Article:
Structural and thermodynamic consequences of the replacement of zinc with environmental metals on estrogen receptor α-DNA interactions

Brian J. Deegan, Anna M. Bona, Vikas Bhat, David C. Mikles, Caleb B. McDonald, Kenneth L. Seldeen, Amjad Farooq

Research output: Contribution to journalArticle

17 Scopus citations

Abstract

Estrogen receptor α (ERα) acts as a transcription factor by virtue of the ability of its DNA-binding (DB) domain, comprised of a tandem pair of zinc fingers, to recognize the estrogen response element within the promoters of target genes. Herein, using an array of biophysical methods, we probe the structural consequences of the replacement of zinc within the DB domain of ERα with various environmental metals and their effects on the thermodynamics of binding to DNA. Our data reveal that whereas the DB domain reconstituted with divalent ions of zinc, cadmium, mercury, and cobalt binds to DNA with affinities in the nanomolar range, divalent ions of barium, copper, iron, lead, manganese, nickel, and tin are unable to regenerate DB domain with DNA-binding potential, although they can compete with zinc for coordinating the cysteine ligands within the zinc fingers. We also show that the metal-free DB domain is a homodimer in solution and that the binding of various metals only results in subtle secondary and tertiary structural changes, implying that metal coordination may only be essential for binding to DNA. Collectively, our findings provide mechanistic insights into how environmental metals may modulate the physiological function of a key nuclear receptor involved in mediating a plethora of cellular functions central to human health and disease.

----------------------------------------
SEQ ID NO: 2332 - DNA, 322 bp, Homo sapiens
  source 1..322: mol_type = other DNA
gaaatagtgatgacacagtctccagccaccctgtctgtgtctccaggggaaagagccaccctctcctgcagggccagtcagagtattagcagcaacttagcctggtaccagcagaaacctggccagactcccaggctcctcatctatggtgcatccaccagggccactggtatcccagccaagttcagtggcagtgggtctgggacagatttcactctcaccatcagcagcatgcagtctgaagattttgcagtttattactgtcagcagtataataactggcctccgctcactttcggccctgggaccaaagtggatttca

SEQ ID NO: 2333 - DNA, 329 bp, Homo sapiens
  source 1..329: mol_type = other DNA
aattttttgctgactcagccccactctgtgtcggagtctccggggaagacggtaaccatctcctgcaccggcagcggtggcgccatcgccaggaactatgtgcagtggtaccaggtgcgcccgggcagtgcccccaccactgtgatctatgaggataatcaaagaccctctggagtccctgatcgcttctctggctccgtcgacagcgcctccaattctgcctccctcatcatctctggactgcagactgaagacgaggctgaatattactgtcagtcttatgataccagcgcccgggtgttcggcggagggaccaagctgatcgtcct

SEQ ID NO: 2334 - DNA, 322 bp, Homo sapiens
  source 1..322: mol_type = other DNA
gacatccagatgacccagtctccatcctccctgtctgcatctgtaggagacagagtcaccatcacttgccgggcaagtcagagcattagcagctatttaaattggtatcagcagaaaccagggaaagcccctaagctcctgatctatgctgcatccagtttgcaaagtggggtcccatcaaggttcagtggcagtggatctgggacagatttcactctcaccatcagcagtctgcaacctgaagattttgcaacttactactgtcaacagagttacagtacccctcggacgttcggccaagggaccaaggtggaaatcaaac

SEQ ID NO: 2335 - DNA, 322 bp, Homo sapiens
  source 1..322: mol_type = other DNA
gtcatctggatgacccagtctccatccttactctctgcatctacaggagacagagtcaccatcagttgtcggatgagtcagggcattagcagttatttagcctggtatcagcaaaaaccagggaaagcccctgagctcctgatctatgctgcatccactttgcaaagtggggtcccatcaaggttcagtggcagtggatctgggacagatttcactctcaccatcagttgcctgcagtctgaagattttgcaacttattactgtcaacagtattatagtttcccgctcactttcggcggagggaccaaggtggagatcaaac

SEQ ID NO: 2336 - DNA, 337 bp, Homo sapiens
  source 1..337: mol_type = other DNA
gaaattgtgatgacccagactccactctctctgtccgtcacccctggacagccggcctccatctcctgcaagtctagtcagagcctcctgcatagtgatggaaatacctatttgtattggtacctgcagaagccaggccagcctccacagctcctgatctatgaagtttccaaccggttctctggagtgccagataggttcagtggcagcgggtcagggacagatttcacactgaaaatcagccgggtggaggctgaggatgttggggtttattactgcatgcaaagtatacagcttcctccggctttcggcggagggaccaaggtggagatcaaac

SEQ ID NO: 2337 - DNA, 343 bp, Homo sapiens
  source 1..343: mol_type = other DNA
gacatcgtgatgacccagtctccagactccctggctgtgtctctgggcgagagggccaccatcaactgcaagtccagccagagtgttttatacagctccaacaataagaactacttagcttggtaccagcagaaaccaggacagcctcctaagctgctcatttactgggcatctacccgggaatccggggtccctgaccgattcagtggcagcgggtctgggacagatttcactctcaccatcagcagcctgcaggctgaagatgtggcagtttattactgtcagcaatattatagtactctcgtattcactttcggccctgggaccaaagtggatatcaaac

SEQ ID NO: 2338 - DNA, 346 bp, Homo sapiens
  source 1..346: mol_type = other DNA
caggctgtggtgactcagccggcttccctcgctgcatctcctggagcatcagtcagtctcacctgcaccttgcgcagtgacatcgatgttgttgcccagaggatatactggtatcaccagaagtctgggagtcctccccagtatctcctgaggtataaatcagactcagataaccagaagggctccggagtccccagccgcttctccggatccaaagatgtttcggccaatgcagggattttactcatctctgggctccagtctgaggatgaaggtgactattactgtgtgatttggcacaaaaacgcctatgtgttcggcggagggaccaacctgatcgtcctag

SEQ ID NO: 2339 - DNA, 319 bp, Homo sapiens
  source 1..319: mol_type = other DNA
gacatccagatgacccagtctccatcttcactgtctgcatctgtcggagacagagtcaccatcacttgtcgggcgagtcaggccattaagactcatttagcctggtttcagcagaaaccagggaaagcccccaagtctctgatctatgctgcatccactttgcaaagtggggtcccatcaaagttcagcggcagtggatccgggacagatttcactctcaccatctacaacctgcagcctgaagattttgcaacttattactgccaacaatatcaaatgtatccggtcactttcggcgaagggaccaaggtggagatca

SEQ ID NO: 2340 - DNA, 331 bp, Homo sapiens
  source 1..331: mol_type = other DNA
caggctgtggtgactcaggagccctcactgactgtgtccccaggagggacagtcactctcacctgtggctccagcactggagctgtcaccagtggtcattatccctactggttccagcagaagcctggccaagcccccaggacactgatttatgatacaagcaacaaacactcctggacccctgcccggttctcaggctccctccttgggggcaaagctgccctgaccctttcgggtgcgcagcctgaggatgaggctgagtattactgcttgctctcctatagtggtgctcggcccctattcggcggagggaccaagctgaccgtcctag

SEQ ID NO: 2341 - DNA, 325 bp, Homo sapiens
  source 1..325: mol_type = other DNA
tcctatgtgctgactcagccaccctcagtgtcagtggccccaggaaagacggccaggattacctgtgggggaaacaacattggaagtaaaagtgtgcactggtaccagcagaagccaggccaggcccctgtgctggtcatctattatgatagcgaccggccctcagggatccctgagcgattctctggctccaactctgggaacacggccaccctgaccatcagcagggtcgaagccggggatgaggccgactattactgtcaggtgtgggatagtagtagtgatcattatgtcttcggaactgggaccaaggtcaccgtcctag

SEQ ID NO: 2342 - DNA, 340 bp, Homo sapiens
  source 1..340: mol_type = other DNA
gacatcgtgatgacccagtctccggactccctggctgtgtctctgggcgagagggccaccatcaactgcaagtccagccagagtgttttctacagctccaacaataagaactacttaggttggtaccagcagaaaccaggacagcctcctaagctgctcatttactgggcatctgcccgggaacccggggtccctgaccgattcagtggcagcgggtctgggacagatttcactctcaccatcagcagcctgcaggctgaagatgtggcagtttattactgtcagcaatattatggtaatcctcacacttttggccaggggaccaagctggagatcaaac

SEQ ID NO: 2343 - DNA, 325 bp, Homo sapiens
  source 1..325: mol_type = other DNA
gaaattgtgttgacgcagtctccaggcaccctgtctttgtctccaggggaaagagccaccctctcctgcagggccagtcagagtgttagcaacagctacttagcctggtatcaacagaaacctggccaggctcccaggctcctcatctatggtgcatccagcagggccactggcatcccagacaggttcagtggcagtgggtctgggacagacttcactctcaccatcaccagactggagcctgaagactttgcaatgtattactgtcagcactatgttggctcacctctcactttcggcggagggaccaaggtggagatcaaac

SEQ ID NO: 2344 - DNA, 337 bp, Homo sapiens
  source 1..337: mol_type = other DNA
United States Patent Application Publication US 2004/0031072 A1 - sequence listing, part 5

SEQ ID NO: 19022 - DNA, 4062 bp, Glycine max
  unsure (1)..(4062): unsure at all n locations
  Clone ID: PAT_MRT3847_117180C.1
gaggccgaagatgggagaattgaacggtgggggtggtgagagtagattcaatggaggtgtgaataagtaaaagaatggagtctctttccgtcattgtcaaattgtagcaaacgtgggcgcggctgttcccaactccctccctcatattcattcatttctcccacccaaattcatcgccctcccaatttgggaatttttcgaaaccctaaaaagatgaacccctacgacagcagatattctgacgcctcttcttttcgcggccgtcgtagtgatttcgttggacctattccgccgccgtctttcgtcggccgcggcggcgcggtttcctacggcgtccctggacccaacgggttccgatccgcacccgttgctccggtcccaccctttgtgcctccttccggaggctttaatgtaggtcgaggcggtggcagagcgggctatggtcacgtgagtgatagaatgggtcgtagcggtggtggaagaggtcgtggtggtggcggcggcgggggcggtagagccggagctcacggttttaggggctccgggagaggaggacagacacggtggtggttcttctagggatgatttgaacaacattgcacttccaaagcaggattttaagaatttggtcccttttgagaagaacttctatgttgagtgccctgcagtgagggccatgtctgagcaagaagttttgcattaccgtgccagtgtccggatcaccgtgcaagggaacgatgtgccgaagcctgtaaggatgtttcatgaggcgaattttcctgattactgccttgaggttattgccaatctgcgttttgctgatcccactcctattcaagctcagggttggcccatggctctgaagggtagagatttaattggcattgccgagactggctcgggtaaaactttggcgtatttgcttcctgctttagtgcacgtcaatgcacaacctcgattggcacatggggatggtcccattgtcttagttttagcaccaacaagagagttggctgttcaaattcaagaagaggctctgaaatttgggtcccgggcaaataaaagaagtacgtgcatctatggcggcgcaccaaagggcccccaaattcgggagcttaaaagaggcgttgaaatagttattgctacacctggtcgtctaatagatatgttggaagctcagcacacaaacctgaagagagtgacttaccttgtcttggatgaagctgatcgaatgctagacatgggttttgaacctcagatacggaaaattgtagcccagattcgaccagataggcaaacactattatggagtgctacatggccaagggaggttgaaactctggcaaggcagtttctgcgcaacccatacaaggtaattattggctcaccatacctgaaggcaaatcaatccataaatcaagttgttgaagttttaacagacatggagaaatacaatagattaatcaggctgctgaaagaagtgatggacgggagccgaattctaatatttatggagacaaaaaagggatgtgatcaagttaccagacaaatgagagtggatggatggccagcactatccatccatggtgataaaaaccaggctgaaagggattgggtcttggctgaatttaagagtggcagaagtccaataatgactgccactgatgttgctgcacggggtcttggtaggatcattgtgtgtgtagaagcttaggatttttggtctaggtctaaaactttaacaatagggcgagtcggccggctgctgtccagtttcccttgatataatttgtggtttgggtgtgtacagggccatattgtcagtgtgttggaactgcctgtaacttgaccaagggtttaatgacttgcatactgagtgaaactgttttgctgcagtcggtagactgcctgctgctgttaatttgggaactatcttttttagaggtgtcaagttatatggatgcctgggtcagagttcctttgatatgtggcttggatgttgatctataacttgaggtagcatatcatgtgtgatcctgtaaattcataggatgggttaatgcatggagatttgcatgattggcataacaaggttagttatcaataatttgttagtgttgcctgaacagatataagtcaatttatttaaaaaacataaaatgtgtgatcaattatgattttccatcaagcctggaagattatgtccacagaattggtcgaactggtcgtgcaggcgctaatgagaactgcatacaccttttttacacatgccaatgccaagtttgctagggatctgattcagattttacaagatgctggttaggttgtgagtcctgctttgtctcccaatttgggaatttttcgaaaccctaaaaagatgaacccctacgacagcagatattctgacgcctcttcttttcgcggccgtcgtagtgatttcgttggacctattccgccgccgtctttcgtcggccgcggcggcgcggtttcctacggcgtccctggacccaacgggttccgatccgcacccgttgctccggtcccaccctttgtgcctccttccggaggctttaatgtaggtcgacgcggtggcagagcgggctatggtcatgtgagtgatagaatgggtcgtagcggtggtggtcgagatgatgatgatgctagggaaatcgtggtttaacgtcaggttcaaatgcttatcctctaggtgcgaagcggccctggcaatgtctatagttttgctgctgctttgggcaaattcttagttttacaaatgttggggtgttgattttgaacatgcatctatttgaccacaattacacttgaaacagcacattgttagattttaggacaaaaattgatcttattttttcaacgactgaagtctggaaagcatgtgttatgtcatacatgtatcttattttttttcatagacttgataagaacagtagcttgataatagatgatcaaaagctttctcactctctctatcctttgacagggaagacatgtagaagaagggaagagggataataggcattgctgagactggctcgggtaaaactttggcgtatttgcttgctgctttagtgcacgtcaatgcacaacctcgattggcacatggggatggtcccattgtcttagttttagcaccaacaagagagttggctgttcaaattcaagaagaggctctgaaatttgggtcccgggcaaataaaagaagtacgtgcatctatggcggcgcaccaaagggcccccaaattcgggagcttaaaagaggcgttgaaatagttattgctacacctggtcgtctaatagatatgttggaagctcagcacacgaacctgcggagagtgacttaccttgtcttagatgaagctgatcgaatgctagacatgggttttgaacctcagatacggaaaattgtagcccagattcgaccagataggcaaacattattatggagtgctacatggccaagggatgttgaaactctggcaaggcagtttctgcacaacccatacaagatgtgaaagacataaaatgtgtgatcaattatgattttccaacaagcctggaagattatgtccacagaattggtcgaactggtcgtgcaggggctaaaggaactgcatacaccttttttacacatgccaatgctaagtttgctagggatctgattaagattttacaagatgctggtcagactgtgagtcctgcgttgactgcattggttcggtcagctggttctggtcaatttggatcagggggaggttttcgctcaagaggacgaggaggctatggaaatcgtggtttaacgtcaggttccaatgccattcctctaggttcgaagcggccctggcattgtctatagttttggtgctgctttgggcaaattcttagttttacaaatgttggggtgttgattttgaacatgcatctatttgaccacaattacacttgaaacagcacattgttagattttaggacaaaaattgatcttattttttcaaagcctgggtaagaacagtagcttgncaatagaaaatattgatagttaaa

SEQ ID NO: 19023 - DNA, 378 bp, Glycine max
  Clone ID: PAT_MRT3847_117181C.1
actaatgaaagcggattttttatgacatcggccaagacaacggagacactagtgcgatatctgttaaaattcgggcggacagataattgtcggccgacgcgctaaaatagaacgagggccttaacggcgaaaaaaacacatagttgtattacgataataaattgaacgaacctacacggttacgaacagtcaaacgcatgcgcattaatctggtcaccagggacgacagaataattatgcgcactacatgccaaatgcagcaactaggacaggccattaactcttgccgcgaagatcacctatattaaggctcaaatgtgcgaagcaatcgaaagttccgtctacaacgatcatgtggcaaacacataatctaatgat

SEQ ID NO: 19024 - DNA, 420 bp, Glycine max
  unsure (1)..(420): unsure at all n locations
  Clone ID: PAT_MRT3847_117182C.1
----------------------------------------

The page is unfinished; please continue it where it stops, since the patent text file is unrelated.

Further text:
Original languageEnglish (US)
Pages (from-to)1007-1017
Number of pages11
JournalJournal of Molecular Recognition
Volume24
Issue number6
DOIs
StatePublished - Nov 1 2011

    Fingerprint

Keywords

  • analytical light scattering
  • circular dichroism
  • environmental metals
  • estrogen receptor α
  • isothermal titration calorimetry
  • steady-state absorbance
  • steady-state fluorescence
  • zinc fingers

ASJC Scopus subject areas

  • Molecular Biology
  • Structural Biology

Cite this